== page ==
Most companies want to be known as innovative.
To bastardize the Wallace Simpson line, “you can never be too rich, too thin or too innovative.”
The problem is those same companies often depend on adjectives to tout their breakthroughs.
The Wall Street Journal challenged the use of the “i” word over ten years ago:
- “Businesses throw around the term to show they’re on the cutting edge of everything from technology and medicine to snacks and cosmetics. Companies are touting chief innovation officers, innovation teams, innovation strategies and even innovation days.
“But that doesn’t mean the companies are actually doing any innovating. Instead, they are using the word to convey monumental change when the progress they’re describing is quite ordinary.”
And it’s only gotten worse since the Journal published this piece.
How do you communicate innovation that lands?
By reverse engineering the recent Wall Street Journal, “Amazon Wants to Deliver Your Order Without a Box, But Neighbors May See Your Snore Steps,” we can answer the question.
It’s easy to forget that innovation can come in many different forms, not just a brilliant AI scientist experiencing a eureka moment. The topic of packaging doesn’t exactly cause one’s pulse to race. Yet you’ll see that the article does convey “monumental change.”
Drilling down to the next level, storytelling techniques drive the narrative:
Amazon doesn’t say, “we’ve made progress in shipping items without extra packaging.”
The company offers that “about 11% of items arrive without extra packaging.”
As a second example, we learn that “Amazon has cut the distance items travel from fulfillment centers to customers by 15%, and decreased “touches,” or how often a package is handled, by 12%.
We purposely use the word “levity,” not “humor.”
No one expects you to be the second coming of Jimmy Fallon. Instead, a smile — even the start of a smile — is a win.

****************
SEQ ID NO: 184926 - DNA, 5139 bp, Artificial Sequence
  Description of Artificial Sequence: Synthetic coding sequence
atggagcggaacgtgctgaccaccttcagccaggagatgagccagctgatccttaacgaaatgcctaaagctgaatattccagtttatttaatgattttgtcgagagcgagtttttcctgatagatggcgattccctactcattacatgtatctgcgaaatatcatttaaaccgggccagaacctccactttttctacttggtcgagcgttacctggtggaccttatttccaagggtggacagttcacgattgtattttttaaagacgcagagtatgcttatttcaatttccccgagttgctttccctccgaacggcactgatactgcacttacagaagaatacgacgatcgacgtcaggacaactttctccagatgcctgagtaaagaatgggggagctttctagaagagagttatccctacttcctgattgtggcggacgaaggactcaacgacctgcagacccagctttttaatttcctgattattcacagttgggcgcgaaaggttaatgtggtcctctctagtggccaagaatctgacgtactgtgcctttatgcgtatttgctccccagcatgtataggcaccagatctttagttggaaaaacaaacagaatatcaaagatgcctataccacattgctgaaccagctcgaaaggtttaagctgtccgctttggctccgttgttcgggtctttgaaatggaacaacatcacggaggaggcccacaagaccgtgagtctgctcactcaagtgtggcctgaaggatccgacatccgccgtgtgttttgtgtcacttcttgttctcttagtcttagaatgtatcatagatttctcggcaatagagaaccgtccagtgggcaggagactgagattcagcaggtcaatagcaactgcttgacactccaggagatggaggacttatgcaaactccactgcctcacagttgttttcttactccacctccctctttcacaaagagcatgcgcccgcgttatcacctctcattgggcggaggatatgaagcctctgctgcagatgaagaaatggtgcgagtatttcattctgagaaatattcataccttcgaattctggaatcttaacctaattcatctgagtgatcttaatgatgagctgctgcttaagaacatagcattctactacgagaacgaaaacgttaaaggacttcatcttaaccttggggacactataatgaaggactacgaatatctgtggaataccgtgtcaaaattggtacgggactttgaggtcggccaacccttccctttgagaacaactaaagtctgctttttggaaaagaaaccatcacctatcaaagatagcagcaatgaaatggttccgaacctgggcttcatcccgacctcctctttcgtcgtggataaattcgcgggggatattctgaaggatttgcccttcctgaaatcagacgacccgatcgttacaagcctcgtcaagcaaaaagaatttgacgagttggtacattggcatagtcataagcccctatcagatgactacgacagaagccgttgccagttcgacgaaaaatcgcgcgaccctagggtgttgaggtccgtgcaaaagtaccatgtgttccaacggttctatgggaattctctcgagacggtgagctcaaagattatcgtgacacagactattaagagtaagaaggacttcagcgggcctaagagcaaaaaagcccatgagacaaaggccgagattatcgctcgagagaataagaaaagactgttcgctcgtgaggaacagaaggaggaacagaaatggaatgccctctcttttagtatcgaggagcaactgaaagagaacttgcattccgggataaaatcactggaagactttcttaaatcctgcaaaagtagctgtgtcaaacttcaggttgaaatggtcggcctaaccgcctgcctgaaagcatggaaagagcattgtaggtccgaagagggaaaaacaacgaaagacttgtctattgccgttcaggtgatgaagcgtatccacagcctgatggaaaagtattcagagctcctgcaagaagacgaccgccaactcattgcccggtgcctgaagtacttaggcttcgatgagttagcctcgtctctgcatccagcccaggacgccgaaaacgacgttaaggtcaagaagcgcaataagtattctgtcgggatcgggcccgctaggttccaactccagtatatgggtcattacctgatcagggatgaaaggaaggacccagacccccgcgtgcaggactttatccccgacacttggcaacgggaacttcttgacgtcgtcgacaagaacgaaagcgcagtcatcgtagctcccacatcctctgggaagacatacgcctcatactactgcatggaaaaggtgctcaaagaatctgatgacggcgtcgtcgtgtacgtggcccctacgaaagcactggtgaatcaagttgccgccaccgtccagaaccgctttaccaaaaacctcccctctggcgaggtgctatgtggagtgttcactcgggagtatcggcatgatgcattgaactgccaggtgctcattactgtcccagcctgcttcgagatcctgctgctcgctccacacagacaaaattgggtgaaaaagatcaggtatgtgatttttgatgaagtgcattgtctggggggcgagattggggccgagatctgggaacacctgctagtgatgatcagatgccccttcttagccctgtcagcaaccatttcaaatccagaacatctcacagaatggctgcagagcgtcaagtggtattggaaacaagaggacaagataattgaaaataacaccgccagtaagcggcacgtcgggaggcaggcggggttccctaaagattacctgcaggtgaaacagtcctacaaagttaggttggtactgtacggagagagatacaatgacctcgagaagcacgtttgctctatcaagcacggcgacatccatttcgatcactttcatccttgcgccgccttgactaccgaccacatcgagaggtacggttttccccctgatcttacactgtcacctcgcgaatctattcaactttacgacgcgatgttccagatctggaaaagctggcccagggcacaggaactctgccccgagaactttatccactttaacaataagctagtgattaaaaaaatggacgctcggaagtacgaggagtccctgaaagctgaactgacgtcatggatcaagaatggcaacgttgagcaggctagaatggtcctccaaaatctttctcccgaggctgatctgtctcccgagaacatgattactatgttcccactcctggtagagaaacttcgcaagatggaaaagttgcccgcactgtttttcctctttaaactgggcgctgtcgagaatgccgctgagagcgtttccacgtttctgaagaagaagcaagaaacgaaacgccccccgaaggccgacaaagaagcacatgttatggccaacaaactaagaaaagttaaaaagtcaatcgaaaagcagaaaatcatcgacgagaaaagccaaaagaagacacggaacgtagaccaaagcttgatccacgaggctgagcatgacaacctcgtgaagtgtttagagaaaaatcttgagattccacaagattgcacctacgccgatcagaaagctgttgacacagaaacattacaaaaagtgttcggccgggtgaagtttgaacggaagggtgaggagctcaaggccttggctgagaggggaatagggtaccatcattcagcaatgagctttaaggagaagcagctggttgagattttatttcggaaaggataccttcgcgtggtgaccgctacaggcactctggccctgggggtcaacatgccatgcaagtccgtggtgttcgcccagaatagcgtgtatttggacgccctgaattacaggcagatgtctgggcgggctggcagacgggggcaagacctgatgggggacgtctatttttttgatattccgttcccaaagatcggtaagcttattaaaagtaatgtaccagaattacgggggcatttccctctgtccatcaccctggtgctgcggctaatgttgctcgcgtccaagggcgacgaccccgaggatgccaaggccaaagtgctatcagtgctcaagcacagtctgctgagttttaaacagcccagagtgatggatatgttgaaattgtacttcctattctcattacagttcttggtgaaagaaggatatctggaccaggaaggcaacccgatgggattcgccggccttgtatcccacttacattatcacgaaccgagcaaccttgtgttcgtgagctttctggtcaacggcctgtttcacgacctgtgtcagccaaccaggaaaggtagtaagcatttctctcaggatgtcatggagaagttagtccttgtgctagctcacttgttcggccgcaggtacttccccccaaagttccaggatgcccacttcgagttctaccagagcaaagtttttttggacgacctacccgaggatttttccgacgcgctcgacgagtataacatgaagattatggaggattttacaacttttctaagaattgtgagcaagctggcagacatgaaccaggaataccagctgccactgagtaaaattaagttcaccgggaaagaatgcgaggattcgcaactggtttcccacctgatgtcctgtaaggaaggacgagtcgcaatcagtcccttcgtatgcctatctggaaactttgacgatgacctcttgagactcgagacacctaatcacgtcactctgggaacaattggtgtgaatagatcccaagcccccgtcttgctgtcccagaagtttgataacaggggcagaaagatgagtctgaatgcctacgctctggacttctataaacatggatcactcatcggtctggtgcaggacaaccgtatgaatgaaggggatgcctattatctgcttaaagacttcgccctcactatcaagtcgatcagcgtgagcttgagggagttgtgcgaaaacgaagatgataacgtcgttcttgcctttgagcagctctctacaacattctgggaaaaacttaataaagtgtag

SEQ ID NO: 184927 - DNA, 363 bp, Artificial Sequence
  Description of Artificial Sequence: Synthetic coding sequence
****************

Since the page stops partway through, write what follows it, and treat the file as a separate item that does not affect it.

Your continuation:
It turns out that less packaging can have some unintended consequences.
Like a giant package of toilet paper sitting on their doorsteps for all their neighbors to see.
Small “f” failure
The classic story arc showcases a beginning, an end and something going wrong in between, which creates the tension.
This doesn’t work in business communications, as companies don’t want to proactively share the bad stuff occurring behind the curtain.
But they can talk about small “f” failures, which delivers a smidgen of realness like this line:
- “While Amazon is losing some branding power from cutting back on its signature brown boxes, it is betting that the elimination of extra packaging will create goodwill with its customers …”
And here’s another small “f” failure:
- “Amazon hasn’t been able to yet figure out how to eliminate extra packaging for some fragile items, such as vinyl records.”
Why does Amazon share “negative” content? They understand that a) it wins over the journalists and b) the overall impression on the reader still nets out as a positive.
The PR function often pitches at the 10K-foot level when it’s critical to take it down to the 5K-foot level and even the 1K-foot level, where anecdotes deliver proof points.
Check out this killer anecdote on screwdrivers that uses contrast (before/after) in the setup:
- “One item the company put through its system was a package of screwdrivers. The screwdrivers were originally packaged using soft plastic that made it hazardous to ship without extra protection. Amazon helped the vendor, which it declined to name, design a new, six-sided container that would require no extra packaging. Then the company used AI to identify other vendors with similar screwdrivers and shared the new container design with them. The company reduced the size of the package by more than half to about 125 cubic inches, making it less expensive to ship.”
You can see the full article below.
Amazon Wants to Deliver Your Order Without a Box, But Neighbors May See Your Snore Strips
Millions of Amazon orders are arriving on doorsteps across the U.S. without any extra packaging. A new television may sit in the manufacturer’s box at the door. A blender appears as if it were picked off a store shelf. The same for a box of baby wipes or trash bags.
The change represents the next frontier in the tech giant’s overhaul of its delivery processes, one Chief Executive Andy Jassy hopes will appeal to customers who are put off by the volume of Amazon-branded boxes they receive and discard every week.
The company, in the past year, revamped its logistics network, enabling faster and more efficient deliveries. Eliminating or reducing packaging has become increasingly important for the company to maintain its dominance, reduce costs and reach its goals related to its climate impact.
“The recognition by a number of senior leaders was just that this is becoming more and more important,” said Pat Lindner, who Amazon hired last year as its first vice president of packaging and innovation. “There’s a significant need for our company to take the next step in innovation around packaging.”
About 11% of items that the company delivers now arrive without extra packaging, or what the company calls “ships in own container,” Amazon said. Customers typically are able to choose at checkout if they want extra packaging or prefer their order without it.